Group 1 (surgery) will be operated on within 1 week.
Group 2 (controls - best available non-surgical treatment) will be prescribed offloading in a fiberglass offloading cast (applied by a trained & experienced technician). Patients that fail cast treatment (due to complications or compliance) will be treated with a full length, padded, removable walking boot (e.g. the Aircast XP diabetic walker™ - http://www.djoglobal.com/products/aircast/xp-diabetic-walker-system) or a healing shoe (e.g. Darco OrthoWedge™ - http://www.darcointernational.com/orthowedge). Adherence to treatment will be monitored by a questionnaire filled in at follow-up visits detailing various activities such as going to bathroom at night. Objective measures of compliance to treatment such as the orthotimer (http://www.orthotimer.com) will be utilized where the technology is available. Non-surgical treatment will be continued until the ulcer heals or up to 12 weeks. Primary assessment will be at 6 weeks. If the ulcer is improving, further cast treatment will be recommended, up to 12 weeks. If the ulcer is not healing with non-surgical treatment, or has not healed completely at 12 weeks, the patient will be offered surgery. Crossover to surgery will not be permitted before 6 weeks of non-surgical treatment. When the ulcer heals (complete epithelization) the cast will be replaced by orthopaedic shoes and custom made offloading insoles.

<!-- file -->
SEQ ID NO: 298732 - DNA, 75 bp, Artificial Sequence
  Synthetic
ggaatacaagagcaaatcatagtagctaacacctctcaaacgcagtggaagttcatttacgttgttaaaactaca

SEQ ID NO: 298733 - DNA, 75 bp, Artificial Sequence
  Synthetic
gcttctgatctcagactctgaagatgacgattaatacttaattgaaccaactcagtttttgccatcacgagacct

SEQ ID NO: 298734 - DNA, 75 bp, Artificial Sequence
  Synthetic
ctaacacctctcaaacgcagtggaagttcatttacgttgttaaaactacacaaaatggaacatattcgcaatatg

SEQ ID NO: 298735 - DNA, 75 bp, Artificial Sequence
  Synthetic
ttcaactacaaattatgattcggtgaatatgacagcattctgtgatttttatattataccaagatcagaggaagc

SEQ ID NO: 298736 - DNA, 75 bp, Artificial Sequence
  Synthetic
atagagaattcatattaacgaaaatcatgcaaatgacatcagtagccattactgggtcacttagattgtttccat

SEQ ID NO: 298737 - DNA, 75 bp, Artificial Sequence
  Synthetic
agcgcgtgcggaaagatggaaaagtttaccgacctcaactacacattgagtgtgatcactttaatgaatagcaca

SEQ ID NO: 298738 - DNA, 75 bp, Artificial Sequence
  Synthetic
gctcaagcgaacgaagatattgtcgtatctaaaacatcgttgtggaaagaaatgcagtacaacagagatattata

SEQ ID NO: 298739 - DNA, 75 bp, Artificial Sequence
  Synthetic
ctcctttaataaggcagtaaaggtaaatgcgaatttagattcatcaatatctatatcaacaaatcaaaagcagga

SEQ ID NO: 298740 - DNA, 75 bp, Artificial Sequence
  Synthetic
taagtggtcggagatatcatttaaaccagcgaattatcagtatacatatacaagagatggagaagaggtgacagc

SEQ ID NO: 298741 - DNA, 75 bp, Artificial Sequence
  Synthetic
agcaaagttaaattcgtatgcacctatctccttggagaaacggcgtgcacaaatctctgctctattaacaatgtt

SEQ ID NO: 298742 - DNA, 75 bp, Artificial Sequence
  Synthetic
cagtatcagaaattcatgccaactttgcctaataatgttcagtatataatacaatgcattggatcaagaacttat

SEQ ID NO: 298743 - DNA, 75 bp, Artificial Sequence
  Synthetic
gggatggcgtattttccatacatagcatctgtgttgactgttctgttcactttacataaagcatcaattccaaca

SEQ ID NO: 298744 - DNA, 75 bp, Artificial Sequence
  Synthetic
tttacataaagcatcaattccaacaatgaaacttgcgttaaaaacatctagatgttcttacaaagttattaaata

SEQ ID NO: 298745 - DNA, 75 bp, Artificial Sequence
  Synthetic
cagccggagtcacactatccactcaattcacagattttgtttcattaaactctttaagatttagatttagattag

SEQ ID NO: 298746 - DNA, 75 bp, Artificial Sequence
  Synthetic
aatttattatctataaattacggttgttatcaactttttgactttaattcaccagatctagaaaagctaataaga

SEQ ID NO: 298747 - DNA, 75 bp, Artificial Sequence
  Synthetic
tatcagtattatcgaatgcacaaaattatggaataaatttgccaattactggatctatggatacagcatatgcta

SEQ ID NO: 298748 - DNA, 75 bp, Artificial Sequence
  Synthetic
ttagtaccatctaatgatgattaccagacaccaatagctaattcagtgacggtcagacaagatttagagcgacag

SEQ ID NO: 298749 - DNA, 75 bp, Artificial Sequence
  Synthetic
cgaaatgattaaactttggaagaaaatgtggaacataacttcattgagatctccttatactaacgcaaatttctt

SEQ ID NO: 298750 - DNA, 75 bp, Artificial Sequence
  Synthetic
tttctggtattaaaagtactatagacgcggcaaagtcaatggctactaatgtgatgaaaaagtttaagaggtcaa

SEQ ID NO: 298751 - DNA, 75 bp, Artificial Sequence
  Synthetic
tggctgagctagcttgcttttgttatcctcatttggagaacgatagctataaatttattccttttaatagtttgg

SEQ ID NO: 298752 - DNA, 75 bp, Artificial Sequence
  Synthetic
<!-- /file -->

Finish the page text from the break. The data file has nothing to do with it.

Follow-up will take place at weeks 1, 2, 4 and 6 after surgery, and weekly during non-surgical treatment up to complete wound closure or up to 12 weeks. Further follow-up will be at 3, 6, 12, 18 & 24 months following treatment. Follow-up will include questionnaires, physical examination and repeated plantar foot pressure measurements (Fig. 1). For patients treated with orthotics, pressure alleviation will be monitored clinically, with in-shoe plantar pressure measurements if the technology is available.
Consenting adult patients with a Texas stage A, grade 1 or 2 diabetic-neuropathic ulcer in the tip of a toe, under a metatarsal head or under the big toe, ulcer attributable to an anatomical deformity (hammer or claw toe, low-riding metatarsal head, high pressure under the hallux, respectively).